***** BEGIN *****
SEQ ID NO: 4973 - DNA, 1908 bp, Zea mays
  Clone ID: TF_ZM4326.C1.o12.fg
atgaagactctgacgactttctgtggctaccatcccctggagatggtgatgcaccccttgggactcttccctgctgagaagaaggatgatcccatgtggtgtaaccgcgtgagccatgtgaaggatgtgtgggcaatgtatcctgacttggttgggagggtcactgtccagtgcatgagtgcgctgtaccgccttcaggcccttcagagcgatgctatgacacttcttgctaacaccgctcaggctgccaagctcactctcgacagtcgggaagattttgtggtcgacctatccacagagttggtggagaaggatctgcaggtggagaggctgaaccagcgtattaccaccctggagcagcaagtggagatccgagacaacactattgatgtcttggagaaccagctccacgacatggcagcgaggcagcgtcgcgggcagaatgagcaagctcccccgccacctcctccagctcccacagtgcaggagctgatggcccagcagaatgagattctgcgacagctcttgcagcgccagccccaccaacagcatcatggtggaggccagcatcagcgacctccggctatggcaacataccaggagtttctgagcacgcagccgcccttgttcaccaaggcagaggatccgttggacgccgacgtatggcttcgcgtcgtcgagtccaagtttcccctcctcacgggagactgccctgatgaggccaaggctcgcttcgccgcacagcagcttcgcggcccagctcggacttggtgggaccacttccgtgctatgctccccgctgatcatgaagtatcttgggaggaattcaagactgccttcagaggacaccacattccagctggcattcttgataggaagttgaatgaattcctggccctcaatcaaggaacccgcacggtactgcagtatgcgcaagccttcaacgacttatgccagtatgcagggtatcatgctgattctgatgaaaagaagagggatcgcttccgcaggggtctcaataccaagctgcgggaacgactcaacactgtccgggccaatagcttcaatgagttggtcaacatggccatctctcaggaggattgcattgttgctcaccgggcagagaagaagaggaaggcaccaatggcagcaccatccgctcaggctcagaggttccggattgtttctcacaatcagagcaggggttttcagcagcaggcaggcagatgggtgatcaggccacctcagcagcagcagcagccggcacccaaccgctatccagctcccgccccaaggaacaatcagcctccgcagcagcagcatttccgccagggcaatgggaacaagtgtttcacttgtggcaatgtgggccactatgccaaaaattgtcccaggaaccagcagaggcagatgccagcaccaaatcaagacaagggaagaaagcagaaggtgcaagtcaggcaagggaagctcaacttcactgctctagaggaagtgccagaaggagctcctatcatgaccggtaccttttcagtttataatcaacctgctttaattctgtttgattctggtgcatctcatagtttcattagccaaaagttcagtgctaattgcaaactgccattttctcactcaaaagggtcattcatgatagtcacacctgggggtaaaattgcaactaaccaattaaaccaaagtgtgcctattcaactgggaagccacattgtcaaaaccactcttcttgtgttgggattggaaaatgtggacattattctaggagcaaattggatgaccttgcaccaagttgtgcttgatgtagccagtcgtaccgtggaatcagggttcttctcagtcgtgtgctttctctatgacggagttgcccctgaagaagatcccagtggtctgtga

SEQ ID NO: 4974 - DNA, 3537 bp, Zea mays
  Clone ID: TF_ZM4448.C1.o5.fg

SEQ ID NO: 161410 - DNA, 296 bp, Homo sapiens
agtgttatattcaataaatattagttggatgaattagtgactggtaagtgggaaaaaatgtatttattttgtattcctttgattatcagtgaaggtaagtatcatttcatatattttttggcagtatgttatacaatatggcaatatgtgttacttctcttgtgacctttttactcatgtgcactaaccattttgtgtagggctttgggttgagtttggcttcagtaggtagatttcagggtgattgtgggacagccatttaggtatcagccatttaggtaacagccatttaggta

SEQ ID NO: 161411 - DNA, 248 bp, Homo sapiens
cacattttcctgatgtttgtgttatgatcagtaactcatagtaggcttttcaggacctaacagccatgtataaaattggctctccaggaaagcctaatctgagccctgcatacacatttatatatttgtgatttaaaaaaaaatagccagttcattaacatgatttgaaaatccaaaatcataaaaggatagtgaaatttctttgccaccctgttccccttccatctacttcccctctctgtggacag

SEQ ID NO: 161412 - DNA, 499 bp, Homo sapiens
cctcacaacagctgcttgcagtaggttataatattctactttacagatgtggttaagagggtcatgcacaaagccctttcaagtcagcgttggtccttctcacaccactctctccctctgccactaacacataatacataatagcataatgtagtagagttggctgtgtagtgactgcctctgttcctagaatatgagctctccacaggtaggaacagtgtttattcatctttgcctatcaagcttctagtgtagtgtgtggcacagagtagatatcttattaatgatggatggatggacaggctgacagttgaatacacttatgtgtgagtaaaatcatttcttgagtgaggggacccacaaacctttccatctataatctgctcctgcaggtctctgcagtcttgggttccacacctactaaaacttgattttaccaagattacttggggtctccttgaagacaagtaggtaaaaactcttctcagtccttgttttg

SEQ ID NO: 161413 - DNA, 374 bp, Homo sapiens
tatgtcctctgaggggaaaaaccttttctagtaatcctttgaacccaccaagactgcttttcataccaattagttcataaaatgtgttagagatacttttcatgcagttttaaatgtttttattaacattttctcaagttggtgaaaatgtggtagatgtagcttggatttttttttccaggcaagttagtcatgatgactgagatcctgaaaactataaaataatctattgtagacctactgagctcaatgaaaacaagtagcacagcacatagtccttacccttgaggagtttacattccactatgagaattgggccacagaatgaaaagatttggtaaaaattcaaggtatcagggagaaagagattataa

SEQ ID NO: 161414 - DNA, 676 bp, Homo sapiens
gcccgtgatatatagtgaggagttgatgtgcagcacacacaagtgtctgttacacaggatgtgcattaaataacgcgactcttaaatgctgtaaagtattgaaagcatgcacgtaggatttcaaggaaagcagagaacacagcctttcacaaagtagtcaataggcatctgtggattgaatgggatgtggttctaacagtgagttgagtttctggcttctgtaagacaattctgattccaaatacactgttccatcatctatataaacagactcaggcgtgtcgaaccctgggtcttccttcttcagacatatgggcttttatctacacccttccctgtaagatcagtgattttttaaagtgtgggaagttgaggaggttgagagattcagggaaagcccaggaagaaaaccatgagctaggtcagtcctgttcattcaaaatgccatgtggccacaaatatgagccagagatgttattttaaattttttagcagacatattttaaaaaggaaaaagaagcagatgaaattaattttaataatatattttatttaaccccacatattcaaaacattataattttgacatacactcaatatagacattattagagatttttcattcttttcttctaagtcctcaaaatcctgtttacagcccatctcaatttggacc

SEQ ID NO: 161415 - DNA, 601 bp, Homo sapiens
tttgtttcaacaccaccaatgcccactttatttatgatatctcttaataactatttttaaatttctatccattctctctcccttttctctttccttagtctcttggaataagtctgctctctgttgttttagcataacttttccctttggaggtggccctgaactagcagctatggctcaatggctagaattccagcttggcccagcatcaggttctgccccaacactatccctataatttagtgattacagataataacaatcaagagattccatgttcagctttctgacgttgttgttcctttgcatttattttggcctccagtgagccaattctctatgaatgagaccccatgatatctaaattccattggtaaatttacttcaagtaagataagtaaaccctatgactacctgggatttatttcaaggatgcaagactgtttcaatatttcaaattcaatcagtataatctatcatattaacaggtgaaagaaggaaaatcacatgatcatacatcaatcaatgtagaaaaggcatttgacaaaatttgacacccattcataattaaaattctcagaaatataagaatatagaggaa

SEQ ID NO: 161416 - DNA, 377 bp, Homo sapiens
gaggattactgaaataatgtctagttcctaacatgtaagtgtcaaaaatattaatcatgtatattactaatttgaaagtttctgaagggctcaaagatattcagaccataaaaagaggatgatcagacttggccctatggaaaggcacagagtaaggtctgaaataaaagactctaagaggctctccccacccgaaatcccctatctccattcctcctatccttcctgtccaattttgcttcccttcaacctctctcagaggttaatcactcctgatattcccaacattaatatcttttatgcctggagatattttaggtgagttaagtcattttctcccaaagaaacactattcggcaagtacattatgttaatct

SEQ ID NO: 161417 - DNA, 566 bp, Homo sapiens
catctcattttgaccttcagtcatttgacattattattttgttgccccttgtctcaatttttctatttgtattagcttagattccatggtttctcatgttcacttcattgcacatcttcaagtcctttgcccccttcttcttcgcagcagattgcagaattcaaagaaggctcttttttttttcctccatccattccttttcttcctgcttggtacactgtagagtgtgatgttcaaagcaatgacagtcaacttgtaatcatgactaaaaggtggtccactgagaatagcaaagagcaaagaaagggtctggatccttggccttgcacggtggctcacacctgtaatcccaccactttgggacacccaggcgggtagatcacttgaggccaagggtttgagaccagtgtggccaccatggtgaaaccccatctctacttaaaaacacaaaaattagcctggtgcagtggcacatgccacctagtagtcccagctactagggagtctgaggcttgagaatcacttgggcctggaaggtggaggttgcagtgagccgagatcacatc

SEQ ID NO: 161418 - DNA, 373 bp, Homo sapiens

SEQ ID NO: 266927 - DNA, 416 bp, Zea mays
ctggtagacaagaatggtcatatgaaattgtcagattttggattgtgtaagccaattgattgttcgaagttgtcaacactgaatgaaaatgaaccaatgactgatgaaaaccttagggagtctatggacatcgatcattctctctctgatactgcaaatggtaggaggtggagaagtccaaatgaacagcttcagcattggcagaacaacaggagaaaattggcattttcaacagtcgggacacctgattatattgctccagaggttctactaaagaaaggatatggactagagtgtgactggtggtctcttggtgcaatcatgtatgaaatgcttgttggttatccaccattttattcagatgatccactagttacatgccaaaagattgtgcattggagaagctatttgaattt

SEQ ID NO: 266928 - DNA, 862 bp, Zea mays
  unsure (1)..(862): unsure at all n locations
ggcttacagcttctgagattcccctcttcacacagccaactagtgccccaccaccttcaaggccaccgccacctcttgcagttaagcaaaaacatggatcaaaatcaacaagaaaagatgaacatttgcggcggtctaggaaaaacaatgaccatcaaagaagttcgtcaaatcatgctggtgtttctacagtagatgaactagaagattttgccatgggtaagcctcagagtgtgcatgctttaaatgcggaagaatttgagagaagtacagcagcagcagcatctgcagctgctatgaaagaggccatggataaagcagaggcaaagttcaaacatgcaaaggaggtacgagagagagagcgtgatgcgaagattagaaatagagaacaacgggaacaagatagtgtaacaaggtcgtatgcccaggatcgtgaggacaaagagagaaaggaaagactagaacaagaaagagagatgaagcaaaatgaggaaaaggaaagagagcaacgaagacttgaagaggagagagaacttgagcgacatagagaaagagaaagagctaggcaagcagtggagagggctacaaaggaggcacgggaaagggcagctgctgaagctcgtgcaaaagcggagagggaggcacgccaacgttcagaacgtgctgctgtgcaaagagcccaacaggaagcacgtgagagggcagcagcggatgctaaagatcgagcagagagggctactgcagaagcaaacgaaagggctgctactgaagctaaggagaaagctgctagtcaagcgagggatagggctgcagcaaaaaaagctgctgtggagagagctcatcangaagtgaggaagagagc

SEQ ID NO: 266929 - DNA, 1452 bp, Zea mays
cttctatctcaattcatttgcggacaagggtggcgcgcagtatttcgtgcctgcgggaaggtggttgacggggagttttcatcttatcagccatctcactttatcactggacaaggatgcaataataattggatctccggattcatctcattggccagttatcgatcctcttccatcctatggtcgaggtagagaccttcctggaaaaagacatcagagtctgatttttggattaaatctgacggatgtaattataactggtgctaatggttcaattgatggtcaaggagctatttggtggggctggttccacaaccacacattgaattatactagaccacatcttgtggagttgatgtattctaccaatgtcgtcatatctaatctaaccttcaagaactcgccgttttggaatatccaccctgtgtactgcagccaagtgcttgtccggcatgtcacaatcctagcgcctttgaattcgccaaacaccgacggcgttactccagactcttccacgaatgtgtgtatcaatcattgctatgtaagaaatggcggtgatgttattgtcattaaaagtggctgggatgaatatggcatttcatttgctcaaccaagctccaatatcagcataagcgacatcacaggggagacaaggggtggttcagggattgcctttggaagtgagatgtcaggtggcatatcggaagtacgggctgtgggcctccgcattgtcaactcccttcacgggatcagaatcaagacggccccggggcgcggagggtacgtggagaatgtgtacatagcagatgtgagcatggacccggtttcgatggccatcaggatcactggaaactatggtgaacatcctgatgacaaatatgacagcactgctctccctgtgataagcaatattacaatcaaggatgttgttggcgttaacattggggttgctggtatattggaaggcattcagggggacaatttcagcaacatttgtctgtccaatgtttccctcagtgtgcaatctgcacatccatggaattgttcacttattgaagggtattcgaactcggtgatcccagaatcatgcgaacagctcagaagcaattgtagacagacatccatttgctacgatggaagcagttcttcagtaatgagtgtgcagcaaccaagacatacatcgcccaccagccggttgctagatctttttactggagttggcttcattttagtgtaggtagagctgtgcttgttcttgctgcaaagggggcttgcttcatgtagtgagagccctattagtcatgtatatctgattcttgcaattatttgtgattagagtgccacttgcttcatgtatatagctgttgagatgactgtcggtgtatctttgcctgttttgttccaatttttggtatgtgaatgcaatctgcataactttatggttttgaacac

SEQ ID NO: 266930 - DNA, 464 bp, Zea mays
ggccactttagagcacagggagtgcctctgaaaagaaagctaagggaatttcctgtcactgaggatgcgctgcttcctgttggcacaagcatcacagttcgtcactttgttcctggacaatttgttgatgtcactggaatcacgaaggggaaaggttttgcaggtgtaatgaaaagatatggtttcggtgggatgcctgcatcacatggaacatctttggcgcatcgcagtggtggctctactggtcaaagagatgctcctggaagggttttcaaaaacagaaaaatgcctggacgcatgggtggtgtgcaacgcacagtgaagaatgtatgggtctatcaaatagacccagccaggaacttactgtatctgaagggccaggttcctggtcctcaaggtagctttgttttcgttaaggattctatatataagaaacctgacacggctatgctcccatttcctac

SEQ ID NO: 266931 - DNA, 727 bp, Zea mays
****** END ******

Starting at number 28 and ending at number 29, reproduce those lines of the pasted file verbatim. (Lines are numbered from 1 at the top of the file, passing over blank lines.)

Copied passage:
SEQ ID NO: 266929 - DNA, 1452 bp, Zea mays
cttctatctcaattcatttgcggacaagggtggcgcgcagtatttcgtgcctgcgggaaggtggttgacggggagttttcatcttatcagccatctcactttatcactggacaaggatgcaataataattggatctccggattcatctcattggccagttatcgatcctcttccatcctatggtcgaggtagagaccttcctggaaaaagacatcagagtctgatttttggattaaatctgacggatgtaattataactggtgctaatggttcaattgatggtcaaggagctatttggtggggctggttccacaaccacacattgaattatactagaccacatcttgtggagttgatgtattctaccaatgtcgtcatatctaatctaaccttcaagaactcgccgttttggaatatccaccctgtgtactgcagccaagtgcttgtccggcatgtcacaatcctagcgcctttgaattcgccaaacaccgacggcgttactccagactcttccacgaatgtgtgtatcaatcattgctatgtaagaaatggcggtgatgttattgtcattaaaagtggctgggatgaatatggcatttcatttgctcaaccaagctccaatatcagcataagcgacatcacaggggagacaaggggtggttcagggattgcctttggaagtgagatgtcaggtggcatatcggaagtacgggctgtgggcctccgcattgtcaactcccttcacgggatcagaatcaagacggccccggggcgcggagggtacgtggagaatgtgtacatagcagatgtgagcatggacccggtttcgatggccatcaggatcactggaaactatggtgaacatcctgatgacaaatatgacagcactgctctccctgtgataagcaatattacaatcaaggatgttgttggcgttaacattggggttgctggtatattggaaggcattcagggggacaatttcagcaacatttgtctgtccaatgtttccctcagtgtgcaatctgcacatccatggaattgttcacttattgaagggtattcgaactcggtgatcccagaatcatgcgaacagctcagaagcaattgtagacagacatccatttgctacgatggaagcagttcttcagtaatgagtgtgcagcaaccaagacatacatcgcccaccagccggttgctagatctttttactggagttggcttcattttagtgtaggtagagctgtgcttgttcttgctgcaaagggggcttgcttcatgtagtgagagccctattagtcatgtatatctgattcttgcaattatttgtgattagagtgccacttgcttcatgtatatagctgttgagatgactgtcggtgtatctttgcctgttttgttccaatttttggtatgtgaatgcaatctgcataactttatggttttgaacac